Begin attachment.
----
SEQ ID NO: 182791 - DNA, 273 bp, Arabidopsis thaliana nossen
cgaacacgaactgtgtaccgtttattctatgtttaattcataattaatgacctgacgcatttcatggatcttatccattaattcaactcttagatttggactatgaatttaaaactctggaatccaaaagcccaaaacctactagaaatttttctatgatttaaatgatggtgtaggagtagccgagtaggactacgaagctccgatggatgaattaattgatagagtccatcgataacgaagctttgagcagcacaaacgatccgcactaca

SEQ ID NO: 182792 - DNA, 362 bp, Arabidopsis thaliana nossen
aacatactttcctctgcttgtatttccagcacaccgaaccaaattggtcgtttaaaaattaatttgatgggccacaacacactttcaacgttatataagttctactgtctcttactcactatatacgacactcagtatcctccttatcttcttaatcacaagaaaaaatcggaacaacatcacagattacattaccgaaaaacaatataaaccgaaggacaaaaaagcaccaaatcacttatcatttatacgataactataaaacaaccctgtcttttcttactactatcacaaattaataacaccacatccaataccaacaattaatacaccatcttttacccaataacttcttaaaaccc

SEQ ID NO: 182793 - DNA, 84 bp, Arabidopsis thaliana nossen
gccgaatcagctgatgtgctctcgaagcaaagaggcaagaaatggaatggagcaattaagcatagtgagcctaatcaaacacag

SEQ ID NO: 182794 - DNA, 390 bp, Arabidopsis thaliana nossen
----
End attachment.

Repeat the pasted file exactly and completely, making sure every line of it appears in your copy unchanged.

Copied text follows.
SEQ ID NO: 182791 - DNA, 273 bp, Arabidopsis thaliana nossen
cgaacacgaactgtgtaccgtttattctatgtttaattcataattaatgacctgacgcatttcatggatcttatccattaattcaactcttagatttggactatgaatttaaaactctggaatccaaaagcccaaaacctactagaaatttttctatgatttaaatgatggtgtaggagtagccgagtaggactacgaagctccgatggatgaattaattgatagagtccatcgataacgaagctttgagcagcacaaacgatccgcactaca

SEQ ID NO: 182792 - DNA, 362 bp, Arabidopsis thaliana nossen
aacatactttcctctgcttgtatttccagcacaccgaaccaaattggtcgtttaaaaattaatttgatgggccacaacacactttcaacgttatataagttctactgtctcttactcactatatacgacactcagtatcctccttatcttcttaatcacaagaaaaaatcggaacaacatcacagattacattaccgaaaaacaatataaaccgaaggacaaaaaagcaccaaatcacttatcatttatacgataactataaaacaaccctgtcttttcttactactatcacaaattaataacaccacatccaataccaacaattaatacaccatcttttacccaataacttcttaaaaccc

SEQ ID NO: 182793 - DNA, 84 bp, Arabidopsis thaliana nossen
gccgaatcagctgatgtgctctcgaagcaaagaggcaagaaatggaatggagcaattaagcatagtgagcctaatcaaacacag

SEQ ID NO: 182794 - DNA, 390 bp, Arabidopsis thaliana nossen